HUNTSVILLE, Ala. (August 21, 2013) - Much of the appeal of student-run organizations at The University of Alabama in Huntsville (UAH) is that they bring together students with similar interests. But that doesn't mean the students themselves are similar, says Erick Ordoñez, who has been teaching the members of the UAH Salsa Club for the last couple of years.
"On our salsa team we've got head-bangers, swing dancers, jocks, and nerds. I have someone who doesn't even dance because we don't have enough ladies to partner with him, so he's an alternate!" he says. "But we just come together, and for those hours, we practice. It's a family."
Ordoñez, who graduated from UAH with a degree in mechanical and aerospace engineering in 2007, originally picked up salsa dancing while living in Houston and working at NASA's Johnson Space Center.
"I knew the basics and I was in love with other forms of dancing, but in Houston, salsa is a huge thing," he says. "So I started taking classes, and five years later, I became an ok dancer."
But Huntsville was calling - "I love it here," he says - and in 2010 he transferred to Marshall Space Flight Center. Shortly thereafter, he decided to bring the dance style back to UAH by reinstating the then-defunct UAH Salsa Club.
"When we first started, we had 70 people in our club and 3 people attending class regularly," says Ordoñez. "But now we average about 50 members in class and have over 340 in the club." That's pretty impressive, he continues, when you consider less than 5% of the salsa club is Hispanic.
"When you talk about Hispanics, the first thing people think about is immigration," he says with a laugh. "But the first thing that comes to my mind is 'party!' We're just showing how great the Latin culture is in our community. It's all about respect and having a great time."
And indeed, the members of the club are from a variety of different cultures. Kristina Kuhlken, one of the club's earliest members, is an American of Italian descent, though Ordoñez calls her his "adopted Hispanic."
"I was already drawn to the Latin style - I just think it's a sexy dance," says Kuhlken. "And while I was really intimidated with partnering and uncomfortable, when I saw it, it looked like a lot fun."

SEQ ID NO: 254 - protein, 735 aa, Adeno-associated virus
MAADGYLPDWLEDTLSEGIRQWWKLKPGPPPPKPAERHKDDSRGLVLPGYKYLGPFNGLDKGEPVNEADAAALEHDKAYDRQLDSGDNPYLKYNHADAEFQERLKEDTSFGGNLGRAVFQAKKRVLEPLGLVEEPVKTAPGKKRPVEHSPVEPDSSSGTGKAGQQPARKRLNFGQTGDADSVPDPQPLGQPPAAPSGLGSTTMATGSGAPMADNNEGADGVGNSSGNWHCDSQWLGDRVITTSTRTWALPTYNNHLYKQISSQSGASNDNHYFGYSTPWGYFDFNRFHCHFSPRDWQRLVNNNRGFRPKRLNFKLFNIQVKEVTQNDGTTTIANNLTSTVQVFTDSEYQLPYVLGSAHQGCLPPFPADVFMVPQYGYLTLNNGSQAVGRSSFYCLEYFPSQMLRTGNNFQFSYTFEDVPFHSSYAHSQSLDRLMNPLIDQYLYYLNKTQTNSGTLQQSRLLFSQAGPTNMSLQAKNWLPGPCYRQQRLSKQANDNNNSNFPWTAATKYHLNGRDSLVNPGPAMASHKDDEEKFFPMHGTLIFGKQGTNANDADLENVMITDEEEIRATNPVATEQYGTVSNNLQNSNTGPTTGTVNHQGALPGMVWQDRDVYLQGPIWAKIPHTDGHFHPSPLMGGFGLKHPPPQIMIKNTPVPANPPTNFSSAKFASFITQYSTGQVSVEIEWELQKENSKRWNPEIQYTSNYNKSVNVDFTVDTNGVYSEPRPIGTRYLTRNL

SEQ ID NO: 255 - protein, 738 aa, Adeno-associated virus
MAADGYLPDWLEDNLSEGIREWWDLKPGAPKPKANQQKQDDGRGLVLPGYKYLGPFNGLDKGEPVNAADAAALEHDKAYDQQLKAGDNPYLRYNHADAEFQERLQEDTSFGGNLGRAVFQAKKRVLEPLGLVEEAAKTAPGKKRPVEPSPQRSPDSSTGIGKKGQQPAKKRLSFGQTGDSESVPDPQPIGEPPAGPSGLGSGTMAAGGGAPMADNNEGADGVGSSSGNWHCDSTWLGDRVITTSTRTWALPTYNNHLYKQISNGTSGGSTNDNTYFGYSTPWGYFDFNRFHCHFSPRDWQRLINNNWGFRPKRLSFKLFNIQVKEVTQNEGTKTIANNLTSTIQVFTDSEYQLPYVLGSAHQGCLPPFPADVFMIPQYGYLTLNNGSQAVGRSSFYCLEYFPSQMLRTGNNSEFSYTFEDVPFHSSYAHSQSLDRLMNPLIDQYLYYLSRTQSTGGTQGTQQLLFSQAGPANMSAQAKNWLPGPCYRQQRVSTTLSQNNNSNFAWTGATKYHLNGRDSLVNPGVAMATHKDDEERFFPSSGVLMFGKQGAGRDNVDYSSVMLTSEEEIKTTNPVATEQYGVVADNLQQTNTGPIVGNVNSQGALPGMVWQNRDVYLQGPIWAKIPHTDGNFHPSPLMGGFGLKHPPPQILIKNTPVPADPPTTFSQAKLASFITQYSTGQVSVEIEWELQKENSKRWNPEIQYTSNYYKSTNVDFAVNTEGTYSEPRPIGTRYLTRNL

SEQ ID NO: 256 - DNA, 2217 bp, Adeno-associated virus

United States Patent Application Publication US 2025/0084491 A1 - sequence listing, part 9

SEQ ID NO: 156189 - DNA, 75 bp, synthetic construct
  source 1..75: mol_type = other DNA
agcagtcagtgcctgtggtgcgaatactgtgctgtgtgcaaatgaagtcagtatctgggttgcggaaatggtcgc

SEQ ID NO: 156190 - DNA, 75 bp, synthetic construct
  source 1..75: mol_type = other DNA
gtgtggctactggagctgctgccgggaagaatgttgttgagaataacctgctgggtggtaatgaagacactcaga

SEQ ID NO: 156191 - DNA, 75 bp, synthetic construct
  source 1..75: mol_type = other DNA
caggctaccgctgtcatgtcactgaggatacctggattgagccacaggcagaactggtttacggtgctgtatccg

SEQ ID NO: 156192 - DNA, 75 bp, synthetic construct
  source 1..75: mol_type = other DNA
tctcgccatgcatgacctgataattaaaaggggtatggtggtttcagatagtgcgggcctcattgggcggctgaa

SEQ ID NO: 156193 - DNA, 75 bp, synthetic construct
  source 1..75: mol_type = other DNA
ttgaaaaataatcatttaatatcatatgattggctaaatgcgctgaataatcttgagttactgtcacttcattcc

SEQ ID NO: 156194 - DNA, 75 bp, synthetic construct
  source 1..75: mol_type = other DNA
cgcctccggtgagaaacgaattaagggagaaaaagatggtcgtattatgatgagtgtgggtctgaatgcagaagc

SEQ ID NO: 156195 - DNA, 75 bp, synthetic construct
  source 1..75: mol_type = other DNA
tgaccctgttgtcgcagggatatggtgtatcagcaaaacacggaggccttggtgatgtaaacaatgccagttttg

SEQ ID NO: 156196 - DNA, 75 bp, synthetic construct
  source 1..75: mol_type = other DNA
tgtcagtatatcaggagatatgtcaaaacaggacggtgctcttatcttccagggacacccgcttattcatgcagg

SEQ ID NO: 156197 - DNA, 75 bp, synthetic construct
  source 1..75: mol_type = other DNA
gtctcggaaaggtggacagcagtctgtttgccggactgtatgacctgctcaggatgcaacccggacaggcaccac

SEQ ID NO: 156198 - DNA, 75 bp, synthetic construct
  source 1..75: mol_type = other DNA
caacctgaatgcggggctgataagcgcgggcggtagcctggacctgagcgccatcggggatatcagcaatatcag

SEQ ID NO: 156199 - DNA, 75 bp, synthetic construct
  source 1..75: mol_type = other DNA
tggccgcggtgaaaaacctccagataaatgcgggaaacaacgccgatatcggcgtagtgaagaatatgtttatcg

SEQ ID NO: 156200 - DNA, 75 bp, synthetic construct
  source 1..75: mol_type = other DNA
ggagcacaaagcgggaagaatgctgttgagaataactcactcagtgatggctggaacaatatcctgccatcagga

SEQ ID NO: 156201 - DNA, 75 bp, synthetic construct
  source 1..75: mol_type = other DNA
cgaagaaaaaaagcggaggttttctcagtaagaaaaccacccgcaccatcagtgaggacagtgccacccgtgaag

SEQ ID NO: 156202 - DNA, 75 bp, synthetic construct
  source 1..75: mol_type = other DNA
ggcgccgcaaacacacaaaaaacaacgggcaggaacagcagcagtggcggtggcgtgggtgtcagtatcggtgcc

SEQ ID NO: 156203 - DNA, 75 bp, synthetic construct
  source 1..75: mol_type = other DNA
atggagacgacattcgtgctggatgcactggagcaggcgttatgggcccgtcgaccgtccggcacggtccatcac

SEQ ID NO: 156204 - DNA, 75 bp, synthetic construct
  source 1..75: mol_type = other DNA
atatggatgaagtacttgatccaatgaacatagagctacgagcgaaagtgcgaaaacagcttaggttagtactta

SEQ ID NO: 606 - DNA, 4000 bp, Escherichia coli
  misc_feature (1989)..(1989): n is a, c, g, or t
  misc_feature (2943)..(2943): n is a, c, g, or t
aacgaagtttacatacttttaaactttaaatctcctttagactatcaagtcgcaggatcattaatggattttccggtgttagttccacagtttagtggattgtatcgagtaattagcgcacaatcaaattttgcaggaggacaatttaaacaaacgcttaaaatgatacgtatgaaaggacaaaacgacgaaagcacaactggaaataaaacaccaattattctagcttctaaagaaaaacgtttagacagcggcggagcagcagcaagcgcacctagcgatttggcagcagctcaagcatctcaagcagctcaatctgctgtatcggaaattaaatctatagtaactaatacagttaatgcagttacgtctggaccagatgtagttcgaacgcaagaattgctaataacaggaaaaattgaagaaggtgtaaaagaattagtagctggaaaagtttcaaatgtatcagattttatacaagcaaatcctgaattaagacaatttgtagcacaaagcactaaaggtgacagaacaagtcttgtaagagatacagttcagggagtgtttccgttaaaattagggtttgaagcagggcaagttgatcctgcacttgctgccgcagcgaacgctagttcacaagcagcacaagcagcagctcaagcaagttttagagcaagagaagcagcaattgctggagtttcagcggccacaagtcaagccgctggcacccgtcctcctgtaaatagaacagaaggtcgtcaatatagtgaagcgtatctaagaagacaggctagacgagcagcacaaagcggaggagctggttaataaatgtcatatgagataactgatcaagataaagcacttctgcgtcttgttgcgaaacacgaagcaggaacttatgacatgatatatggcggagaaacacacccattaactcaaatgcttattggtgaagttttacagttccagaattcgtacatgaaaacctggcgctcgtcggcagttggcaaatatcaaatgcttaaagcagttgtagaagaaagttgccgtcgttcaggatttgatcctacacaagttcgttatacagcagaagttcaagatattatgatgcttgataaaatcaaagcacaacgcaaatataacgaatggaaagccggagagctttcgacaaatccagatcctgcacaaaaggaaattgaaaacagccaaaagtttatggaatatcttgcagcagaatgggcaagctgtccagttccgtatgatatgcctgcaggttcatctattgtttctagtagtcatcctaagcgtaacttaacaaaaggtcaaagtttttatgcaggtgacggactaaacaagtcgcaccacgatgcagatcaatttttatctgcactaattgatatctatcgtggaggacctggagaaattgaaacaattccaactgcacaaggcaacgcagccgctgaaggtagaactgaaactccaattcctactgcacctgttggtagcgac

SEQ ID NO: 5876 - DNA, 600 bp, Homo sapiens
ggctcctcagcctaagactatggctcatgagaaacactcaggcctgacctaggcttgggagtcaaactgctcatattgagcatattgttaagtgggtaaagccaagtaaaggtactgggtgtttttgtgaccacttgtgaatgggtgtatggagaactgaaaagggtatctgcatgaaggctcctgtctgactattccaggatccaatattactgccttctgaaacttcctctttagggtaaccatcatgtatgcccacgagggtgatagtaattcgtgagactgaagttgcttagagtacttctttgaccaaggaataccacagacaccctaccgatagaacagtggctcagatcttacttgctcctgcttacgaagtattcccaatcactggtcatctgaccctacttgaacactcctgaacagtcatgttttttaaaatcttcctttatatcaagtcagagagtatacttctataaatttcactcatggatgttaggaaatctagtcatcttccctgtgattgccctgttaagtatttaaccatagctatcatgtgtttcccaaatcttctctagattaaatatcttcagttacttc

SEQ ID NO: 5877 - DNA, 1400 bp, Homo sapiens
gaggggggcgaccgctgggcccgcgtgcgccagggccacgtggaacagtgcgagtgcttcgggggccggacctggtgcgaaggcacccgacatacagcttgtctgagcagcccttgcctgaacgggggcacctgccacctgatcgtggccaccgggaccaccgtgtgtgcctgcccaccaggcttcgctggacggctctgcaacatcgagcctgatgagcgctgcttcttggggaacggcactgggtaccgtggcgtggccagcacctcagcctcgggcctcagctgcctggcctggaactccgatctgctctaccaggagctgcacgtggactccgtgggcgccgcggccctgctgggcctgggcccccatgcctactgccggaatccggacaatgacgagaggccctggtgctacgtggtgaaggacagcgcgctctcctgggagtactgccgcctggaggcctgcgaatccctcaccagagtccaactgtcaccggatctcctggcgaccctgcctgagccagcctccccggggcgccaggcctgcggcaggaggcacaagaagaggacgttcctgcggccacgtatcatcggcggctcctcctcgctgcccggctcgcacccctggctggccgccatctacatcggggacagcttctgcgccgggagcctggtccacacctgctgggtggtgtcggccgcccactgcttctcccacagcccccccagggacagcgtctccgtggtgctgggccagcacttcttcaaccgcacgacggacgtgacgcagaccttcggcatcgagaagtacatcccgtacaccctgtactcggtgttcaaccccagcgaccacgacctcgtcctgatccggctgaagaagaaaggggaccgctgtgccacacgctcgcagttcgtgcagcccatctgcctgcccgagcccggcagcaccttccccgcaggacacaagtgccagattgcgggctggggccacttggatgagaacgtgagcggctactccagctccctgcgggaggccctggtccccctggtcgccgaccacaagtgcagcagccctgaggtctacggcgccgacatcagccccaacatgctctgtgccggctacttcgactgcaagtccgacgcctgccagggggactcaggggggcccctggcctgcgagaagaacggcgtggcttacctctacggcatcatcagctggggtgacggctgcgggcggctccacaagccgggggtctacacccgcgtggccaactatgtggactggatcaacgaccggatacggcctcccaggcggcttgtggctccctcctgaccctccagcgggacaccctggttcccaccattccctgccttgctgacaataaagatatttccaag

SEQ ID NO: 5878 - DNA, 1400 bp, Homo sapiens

Kuhlken, who graduated from UAH in 2010 with a degree in psychology, proved to be a quick learner, soon becoming Ordoñez's second in command. And eventually, the pair felt confident enough to put together a team to perform at last month's Las Vegas Salsa Congress.
"You have to send a video to qualify," says Ordoñez. "So we sent ours in, and they loved it. They loved that Alabama has salsa!" And while their two-and-a-half minute exhibition routine may not have gone perfectly, Kuhlken says, "we all had a blast doing it."
They also learned an important fact about performing: it helps to have racy outfits! "We're all conservative from Alabama, so we pretty much covered everything," says Kuhlken of the women's costumes. "But we definitely needed more sequins! Maybe fringe. Probably to show a little more skin!"
For now, though, the club will get back to focusing on what it's best at, and that's sharing their passion for salsa with the community, whether through its free classes every Monday evening or its periodical socials in the community.
"That's the goal," says Ordoñez. "All we worry about on Monday nights when we get to class is who are we going to impact that day? Because 20 years from now, people will have their own families and be doing their own thing, but they'll remember the one year they did salsa at UAH."